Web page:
Landscapes of the Soul Embodied: Personal Reflections
How we conceive of ourselves, our bodies, and our bodies in time and space, define in part who and what we are. Down to the words and wording, to the languaging, is how we are determined and defined. How we move in the world, how we think, what we think, all are influenced by how thought forms itself in the mind. If we think of ourselves, because of our languaging and our notions of reality, as an object moving through space in linear time, separate from other objects, then we set up an experience of object and subject with a limited understanding of time. In so doing, we omit circular time, eternal time, we omit the field in which all resides simultaneously and through which all is inextricably related. We omit zero, the void, the absolute stillness out of which all arises.
The movement work I do attempts to challenge the experience of subject and object as well as chronological, linear time. Rather than, "I am walking on the road," we shift and we have, "Roadwalking is happening." Rather than, "I am singing a song," we have, "There is singing going on." We can take one step further and say, "The song is singing itself. The walking or movement is moving itself." In other words, the song and the movement are living beings. The movement we invite is a being that we honor with our attention and our surrender to its expression. We offer ourselves to the impulses of the unconscious, sacrificing ego desires.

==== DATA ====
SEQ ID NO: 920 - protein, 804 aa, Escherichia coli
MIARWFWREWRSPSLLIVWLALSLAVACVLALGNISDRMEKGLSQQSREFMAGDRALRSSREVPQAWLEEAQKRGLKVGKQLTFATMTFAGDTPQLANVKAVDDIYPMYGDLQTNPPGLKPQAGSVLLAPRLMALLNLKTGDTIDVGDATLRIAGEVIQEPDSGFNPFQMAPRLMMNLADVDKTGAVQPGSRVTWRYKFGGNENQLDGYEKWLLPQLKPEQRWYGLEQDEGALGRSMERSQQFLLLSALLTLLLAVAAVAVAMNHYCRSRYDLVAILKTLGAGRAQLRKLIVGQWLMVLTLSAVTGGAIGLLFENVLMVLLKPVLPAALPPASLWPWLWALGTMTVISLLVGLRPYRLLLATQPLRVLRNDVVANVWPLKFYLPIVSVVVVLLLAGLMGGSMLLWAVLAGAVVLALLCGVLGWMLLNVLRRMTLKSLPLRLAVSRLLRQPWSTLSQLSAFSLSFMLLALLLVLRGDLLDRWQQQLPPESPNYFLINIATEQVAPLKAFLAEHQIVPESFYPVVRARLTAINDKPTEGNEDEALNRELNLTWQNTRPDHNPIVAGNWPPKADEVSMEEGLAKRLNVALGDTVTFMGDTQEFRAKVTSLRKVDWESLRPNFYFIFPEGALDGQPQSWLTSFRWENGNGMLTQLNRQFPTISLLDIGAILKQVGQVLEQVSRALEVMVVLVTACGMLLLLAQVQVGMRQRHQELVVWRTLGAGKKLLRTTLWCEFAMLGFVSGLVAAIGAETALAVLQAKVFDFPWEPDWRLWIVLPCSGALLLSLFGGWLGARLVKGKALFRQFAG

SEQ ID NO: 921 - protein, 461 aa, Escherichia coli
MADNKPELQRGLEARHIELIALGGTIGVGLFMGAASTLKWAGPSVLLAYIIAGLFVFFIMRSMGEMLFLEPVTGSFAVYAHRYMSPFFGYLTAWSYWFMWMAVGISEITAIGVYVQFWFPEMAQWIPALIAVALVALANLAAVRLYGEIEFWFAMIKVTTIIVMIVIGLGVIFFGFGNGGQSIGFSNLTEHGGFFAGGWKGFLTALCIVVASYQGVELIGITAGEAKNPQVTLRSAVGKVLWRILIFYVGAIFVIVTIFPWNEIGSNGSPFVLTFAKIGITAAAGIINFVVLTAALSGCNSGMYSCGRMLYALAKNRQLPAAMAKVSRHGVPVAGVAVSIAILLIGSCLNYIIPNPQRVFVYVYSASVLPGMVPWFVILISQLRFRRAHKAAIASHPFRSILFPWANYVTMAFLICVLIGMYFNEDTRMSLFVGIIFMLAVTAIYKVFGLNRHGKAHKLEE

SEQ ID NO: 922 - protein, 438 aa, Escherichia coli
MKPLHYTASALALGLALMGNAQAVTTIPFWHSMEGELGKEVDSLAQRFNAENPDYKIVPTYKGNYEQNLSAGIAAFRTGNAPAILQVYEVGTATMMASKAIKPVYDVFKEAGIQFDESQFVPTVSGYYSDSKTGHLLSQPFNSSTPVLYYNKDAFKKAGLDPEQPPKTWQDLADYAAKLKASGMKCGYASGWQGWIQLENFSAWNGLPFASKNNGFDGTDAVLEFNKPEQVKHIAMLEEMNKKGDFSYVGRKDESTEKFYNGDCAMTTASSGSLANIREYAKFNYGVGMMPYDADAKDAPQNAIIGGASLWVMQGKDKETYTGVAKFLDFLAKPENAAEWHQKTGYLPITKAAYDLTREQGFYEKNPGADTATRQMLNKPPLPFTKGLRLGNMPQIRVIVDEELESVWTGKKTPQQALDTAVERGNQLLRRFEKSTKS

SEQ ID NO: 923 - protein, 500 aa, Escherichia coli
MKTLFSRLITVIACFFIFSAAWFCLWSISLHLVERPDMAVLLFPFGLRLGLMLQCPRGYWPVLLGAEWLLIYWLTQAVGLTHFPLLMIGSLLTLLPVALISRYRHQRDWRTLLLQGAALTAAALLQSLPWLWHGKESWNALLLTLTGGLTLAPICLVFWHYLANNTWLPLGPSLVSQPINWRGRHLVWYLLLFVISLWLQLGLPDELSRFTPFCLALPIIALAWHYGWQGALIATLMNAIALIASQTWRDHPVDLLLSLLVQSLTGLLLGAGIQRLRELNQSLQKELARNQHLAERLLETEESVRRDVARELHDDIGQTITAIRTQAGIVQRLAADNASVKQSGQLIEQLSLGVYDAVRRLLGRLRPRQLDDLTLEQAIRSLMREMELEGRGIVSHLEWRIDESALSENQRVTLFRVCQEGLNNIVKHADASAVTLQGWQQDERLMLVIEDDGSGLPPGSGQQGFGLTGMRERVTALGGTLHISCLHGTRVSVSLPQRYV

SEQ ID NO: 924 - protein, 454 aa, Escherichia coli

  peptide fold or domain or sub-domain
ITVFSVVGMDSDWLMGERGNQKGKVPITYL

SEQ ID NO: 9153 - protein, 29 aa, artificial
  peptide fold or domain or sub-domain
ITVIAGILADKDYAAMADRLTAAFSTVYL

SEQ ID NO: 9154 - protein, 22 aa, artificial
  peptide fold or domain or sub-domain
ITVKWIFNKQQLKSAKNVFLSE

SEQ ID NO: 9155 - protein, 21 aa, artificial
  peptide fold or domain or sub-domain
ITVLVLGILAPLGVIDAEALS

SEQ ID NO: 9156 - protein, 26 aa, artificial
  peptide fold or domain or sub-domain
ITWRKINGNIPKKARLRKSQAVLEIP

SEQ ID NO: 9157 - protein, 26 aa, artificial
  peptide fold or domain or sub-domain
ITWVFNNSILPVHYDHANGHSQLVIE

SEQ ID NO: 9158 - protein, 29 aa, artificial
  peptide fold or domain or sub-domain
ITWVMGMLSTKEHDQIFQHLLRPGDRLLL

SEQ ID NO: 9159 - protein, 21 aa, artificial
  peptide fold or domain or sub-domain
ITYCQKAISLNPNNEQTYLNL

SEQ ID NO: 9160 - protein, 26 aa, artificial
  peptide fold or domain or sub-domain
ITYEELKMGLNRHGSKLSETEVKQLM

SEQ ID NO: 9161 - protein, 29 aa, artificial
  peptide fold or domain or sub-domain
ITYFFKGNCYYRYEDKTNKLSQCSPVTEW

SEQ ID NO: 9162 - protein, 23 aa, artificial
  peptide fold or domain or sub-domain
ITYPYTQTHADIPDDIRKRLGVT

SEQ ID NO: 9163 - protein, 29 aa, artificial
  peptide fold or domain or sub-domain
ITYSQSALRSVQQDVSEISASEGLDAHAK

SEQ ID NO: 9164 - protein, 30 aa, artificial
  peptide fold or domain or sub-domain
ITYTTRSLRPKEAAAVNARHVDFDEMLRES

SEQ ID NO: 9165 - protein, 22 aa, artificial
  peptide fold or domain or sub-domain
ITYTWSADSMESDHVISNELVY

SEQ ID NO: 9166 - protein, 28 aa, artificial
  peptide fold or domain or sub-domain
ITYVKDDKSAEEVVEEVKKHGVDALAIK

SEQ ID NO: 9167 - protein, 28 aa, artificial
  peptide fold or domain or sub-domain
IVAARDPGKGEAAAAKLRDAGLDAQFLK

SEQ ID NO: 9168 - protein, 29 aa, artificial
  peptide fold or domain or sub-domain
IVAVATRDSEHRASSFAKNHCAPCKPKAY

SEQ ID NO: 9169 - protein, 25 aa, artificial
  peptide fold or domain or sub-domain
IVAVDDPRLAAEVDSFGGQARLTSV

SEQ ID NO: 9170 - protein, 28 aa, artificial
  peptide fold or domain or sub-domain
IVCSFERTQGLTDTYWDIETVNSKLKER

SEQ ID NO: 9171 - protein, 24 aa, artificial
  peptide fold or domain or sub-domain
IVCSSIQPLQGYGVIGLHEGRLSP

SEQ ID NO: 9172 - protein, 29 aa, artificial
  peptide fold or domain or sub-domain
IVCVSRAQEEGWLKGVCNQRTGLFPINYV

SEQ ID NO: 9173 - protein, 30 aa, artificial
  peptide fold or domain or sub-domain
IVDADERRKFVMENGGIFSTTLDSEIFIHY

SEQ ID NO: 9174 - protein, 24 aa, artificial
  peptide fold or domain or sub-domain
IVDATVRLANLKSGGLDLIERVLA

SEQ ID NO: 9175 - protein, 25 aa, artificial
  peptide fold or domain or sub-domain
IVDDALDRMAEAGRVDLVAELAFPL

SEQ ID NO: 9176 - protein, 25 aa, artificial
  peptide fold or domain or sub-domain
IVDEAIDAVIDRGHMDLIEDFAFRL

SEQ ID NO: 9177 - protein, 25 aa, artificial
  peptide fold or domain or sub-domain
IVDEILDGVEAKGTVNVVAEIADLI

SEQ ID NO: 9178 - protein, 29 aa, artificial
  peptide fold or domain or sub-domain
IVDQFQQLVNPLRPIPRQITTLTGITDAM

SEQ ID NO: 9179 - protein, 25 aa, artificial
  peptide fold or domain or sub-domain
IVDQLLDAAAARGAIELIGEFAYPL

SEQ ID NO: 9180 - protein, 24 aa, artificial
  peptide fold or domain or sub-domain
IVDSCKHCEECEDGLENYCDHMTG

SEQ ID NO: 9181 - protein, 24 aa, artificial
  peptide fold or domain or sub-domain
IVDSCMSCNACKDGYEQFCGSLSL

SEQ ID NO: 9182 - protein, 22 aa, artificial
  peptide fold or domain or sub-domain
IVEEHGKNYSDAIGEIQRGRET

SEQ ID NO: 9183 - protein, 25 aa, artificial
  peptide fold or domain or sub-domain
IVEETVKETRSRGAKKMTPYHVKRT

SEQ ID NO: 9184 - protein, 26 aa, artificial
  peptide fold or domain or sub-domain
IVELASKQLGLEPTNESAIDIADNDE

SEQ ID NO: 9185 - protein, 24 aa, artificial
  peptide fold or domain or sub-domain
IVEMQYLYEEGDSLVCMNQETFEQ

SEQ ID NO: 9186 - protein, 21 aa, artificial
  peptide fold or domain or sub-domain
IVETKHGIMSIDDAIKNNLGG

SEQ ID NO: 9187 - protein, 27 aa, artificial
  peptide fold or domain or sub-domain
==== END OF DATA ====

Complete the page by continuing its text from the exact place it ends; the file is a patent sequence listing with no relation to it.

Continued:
…For years now I have experienced a place or a moment in somewhat Proustian fashion: A breeze moves past in a certain way, a certain scent arises in the air, and my body is flooded with a kind of memory, or a recollection...my body, not my mind.
The memory is often without visual image, but always with corporeal sensation...a kinetic image. Walking suddenly into a quality of air or sunlight stirs places in my body, flesh memories returning like a tender lover. A couple of days ago: raining, stepping onto Tram 7 from Wollishofen to Central, taking a seat on the hard wooden chair, suddenly being thrust back into time from the touch of the moist air, the movement of stepping up onto the tram, feeling the wood against my back. No visual memory, nothing specific to recollect cognitively, just a sudden journey back into some time, maybe 15 years ago, maybe 40 years ago. Perhaps both. Perhaps neither.
Trying to pin down the memory is often to no avail. At that juncture everything disappears: memory, sensation, everything. I've learned to just let the sensation come in and simply notice the quality of feeling, sometimes appearing in the heart or in the throat. Fleeting, though grace-filled. A visitation. Perhaps an annunciation of some secret birth, a sacred child, the presence of whom vanishes under the stress and glare of demanding definition.
I am often under the strain of an existential angst, both personal and collective. These flesh memories are sweet "remembrances of things past," reminding me that there were times, and could be still, and indeed are, when life is joy-filled. These visitations open the heart, diminishing the need for defense and protection. They come from the unexpected, from the small and subtle. They allow me an open window into grace.